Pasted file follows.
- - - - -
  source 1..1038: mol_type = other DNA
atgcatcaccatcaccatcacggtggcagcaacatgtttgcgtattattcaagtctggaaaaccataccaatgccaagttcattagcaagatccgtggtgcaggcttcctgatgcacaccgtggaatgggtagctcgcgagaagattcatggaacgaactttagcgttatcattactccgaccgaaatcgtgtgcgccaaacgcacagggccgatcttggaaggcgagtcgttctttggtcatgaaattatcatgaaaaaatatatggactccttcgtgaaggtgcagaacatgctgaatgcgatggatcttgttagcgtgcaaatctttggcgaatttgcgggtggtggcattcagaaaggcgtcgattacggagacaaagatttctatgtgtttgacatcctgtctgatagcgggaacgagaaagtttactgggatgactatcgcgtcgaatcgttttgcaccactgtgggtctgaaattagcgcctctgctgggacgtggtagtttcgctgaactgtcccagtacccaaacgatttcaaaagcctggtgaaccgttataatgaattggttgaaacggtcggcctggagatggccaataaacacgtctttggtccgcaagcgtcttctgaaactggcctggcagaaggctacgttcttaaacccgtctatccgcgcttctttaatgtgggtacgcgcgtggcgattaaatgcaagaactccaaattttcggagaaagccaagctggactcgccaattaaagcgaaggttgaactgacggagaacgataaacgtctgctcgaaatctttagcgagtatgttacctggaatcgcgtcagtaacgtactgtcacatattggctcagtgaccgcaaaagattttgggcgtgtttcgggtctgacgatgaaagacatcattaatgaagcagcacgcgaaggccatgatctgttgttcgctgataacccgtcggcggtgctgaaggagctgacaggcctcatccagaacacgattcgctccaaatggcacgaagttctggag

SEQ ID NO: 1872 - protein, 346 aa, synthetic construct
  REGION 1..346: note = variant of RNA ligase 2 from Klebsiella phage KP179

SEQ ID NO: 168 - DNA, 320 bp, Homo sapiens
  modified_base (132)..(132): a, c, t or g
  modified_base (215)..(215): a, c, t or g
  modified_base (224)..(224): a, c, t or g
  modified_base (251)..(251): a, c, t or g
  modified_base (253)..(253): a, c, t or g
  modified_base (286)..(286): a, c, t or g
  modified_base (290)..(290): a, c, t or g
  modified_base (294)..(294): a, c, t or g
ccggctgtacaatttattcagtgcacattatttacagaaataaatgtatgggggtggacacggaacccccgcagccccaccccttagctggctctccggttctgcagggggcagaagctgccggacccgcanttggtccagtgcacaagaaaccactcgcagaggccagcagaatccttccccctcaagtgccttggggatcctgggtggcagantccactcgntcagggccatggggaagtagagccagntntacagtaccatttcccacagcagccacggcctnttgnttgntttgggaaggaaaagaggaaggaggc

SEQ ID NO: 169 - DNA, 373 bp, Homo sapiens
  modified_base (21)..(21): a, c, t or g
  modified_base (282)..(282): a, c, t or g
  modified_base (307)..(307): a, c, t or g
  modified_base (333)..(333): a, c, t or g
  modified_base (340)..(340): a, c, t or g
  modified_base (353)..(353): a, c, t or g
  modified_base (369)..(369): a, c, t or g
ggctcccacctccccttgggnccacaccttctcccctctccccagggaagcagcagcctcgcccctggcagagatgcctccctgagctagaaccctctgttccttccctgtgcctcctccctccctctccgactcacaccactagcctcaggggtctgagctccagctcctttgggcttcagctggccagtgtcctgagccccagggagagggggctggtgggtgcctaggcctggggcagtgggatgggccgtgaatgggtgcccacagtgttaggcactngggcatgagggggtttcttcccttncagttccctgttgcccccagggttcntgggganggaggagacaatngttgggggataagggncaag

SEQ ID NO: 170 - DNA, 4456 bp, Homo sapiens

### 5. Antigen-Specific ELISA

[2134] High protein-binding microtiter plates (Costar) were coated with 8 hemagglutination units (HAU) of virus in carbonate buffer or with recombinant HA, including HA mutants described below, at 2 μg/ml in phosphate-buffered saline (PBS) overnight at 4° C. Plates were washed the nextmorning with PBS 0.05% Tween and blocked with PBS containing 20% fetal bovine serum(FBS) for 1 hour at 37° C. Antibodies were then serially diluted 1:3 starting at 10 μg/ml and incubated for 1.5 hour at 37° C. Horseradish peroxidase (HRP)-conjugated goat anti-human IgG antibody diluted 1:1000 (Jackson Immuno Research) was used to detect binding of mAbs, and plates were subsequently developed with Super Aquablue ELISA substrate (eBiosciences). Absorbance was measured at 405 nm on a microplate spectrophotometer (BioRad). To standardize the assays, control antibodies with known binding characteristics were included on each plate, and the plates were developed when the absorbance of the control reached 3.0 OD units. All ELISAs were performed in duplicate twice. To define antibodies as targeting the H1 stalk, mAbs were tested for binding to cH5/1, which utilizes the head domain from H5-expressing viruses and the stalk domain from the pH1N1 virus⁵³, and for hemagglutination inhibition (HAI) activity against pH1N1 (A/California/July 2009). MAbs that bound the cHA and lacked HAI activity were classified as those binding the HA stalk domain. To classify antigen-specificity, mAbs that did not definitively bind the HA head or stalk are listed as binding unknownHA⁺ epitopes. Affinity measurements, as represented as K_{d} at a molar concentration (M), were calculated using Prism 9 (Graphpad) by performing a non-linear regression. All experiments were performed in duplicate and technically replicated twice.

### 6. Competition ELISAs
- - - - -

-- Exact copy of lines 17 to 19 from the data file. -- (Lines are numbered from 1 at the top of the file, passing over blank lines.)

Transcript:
  modified_base (282)..(282): a, c, t or g
  modified_base (307)..(307): a, c, t or g
  modified_base (333)..(333): a, c, t or g